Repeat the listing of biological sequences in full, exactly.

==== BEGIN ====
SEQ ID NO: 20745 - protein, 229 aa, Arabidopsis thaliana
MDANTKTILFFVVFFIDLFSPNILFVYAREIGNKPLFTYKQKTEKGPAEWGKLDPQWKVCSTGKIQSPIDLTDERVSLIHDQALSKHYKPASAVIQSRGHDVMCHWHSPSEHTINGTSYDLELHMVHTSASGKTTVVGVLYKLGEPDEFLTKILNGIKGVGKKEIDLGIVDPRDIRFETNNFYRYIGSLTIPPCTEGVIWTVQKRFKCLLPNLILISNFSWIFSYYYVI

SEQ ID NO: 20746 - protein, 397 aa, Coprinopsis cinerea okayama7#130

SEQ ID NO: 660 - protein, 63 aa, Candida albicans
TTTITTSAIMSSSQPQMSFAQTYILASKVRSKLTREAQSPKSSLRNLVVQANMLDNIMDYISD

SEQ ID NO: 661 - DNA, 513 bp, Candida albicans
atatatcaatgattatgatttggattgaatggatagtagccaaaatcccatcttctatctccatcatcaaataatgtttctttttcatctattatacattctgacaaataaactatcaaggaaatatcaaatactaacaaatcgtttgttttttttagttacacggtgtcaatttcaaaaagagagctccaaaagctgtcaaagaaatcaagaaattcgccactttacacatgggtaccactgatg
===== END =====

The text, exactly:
SEQ ID NO: 20745 - protein, 229 aa, Arabidopsis thaliana
MDANTKTILFFVVFFIDLFSPNILFVYAREIGNKPLFTYKQKTEKGPAEWGKLDPQWKVCSTGKIQSPIDLTDERVSLIHDQALSKHYKPASAVIQSRGHDVMCHWHSPSEHTINGTSYDLELHMVHTSASGKTTVVGVLYKLGEPDEFLTKILNGIKGVGKKEIDLGIVDPRDIRFETNNFYRYIGSLTIPPCTEGVIWTVQKRFKCLLPNLILISNFSWIFSYYYVI

SEQ ID NO: 20746 - protein, 397 aa, Coprinopsis cinerea okayama7#130

SEQ ID NO: 660 - protein, 63 aa, Candida albicans
TTTITTSAIMSSSQPQMSFAQTYILASKVRSKLTREAQSPKSSLRNLVVQANMLDNIMDYISD

SEQ ID NO: 661 - DNA, 513 bp, Candida albicans
atatatcaatgattatgatttggattgaatggatagtagccaaaatcccatcttctatctccatcatcaaataatgtttctttttcatctattatacattctgacaaataaactatcaaggaaatatcaaatactaacaaatcgtttgttttttttagttacacggtgtcaatttcaaaaagagagctccaaaagctgtcaaagaaatcaagaaattcgccactttacacatgggtaccactgatg